Carl sent out a couple of images under the header “Aldo Nadi – 10th publication of Look Magazine published in 1937”. He had me at “Aldo”. The images were some snapshots from a two-page spread about Maestro Nadi. Some of you reading this might not be surprised to know that after seeing Carl’s email I immediately opened a couple of new tabs on my computer – one for Wikipedia and the other for Ebay. The first was to try and track down more specifics about the 10th issue of Look Magazine. Thank you, Wikipedia, for having information like this readily available for me to glean necessary specifics to make my Ebay shopping more manageable. Armed with a publication date, I fed that into the Ebay search window and came up with a bunch of available back issues. Here’s the cover:
The July 6, 1937 edition of Look Magazine. All this could be yours for ten cents. That was then. Now? It’s a bit more.
So many fun articles inside! I’d be interested to look through the pages even without a fencing-related article, but its inclusion gives me a semi-supportable justification to spend a few dollars to nab a copy for myself. After a few days of patience the mail service dutifully delivered the magazine to my doorstep and I was able to dig in. The thing that jumped out at me is that the tone of Look is decidedly different than Life Magazine. The captions and writing in Life are more formal and erudite. Or maybe they just hired better writers. Look seems to try to inject a little sensationalism onto the page with articles like this one:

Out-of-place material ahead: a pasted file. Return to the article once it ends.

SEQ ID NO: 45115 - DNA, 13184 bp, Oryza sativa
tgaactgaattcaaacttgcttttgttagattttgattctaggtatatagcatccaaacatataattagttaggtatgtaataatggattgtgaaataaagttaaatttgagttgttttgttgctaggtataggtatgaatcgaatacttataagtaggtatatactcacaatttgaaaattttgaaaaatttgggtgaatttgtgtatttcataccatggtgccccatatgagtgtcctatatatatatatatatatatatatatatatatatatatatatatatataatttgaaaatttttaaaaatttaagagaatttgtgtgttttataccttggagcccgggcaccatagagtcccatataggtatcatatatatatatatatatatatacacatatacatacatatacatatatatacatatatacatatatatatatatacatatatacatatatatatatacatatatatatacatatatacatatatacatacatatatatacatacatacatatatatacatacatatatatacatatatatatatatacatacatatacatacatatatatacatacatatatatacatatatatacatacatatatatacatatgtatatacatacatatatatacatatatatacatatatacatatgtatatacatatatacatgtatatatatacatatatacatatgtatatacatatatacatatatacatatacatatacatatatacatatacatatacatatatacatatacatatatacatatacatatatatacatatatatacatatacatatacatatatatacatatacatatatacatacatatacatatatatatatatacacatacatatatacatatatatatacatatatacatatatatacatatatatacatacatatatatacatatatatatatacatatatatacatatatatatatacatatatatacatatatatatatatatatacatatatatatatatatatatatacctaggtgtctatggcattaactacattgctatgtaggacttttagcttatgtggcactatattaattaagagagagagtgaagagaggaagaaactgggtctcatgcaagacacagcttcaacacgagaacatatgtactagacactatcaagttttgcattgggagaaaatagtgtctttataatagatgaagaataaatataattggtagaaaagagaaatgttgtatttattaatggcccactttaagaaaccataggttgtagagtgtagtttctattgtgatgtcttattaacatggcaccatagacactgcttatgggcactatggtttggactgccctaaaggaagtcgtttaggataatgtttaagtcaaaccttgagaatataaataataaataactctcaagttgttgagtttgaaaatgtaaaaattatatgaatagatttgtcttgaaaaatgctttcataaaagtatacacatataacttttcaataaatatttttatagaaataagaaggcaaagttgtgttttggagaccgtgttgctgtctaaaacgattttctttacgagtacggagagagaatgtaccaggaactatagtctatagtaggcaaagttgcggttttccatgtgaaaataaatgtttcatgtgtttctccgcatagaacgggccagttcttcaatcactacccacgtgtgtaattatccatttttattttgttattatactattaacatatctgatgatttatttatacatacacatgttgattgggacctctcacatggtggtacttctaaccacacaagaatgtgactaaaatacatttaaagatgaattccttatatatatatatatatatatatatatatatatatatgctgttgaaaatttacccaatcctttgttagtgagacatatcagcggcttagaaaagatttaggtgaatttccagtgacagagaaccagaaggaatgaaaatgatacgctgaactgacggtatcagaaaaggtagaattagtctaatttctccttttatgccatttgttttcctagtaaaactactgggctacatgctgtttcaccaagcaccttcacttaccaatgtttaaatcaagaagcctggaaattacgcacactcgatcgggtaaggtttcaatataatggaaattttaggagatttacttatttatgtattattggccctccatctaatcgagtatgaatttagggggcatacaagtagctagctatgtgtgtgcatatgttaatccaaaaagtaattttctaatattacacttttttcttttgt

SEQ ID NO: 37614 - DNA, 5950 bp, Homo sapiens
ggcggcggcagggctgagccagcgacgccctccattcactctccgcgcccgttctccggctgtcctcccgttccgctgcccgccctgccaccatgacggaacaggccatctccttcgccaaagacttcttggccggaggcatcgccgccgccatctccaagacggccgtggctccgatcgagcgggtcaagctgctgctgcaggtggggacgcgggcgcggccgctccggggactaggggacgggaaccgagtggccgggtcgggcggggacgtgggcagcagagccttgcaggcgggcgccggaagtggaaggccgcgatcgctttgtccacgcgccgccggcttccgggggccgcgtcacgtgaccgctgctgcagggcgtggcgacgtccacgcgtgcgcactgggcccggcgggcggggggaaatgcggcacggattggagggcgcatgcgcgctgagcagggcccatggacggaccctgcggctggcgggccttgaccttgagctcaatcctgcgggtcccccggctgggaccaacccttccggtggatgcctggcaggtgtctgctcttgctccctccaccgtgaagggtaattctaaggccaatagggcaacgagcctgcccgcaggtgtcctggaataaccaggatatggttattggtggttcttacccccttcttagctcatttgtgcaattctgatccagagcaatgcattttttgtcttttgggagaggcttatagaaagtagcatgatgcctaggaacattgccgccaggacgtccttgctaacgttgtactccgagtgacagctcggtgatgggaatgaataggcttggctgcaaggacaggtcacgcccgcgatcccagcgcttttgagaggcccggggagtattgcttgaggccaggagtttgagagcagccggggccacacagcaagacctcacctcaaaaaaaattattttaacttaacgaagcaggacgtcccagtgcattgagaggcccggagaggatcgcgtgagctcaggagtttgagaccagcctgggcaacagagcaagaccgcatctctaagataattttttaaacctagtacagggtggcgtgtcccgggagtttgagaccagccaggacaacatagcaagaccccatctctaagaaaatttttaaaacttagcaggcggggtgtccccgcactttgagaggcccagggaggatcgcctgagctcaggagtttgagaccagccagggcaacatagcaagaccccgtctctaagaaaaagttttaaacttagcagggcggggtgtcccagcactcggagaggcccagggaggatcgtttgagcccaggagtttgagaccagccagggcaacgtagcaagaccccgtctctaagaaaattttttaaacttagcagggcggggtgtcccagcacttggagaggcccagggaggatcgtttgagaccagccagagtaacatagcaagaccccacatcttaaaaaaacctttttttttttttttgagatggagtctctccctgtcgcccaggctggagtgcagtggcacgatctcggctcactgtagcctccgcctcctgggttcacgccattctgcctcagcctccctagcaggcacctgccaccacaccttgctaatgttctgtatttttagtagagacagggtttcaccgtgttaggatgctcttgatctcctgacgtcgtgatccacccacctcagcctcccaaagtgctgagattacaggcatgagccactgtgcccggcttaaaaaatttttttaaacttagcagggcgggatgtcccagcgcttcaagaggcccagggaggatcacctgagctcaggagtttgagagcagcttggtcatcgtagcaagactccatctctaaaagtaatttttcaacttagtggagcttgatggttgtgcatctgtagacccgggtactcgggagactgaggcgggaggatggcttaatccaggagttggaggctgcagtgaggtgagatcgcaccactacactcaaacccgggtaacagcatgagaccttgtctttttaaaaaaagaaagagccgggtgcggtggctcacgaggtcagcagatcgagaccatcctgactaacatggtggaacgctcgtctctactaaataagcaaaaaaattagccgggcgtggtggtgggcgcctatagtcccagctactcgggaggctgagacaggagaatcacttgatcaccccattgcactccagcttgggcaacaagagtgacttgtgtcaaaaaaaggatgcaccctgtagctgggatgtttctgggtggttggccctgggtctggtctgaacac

There’s another page about fighting with Tigers so they don’t bite off your arm, but I think this gives you the overall idea.
The answer to the question posed here seems to be a resounding “no” based on my experience with today’s amusement parks. How many had to die before the question was truly settled?
They’re all a bit much and fun to read in 2019. But let us stop with the beating around the bush. There’s Aldo Nadi pictures to look at!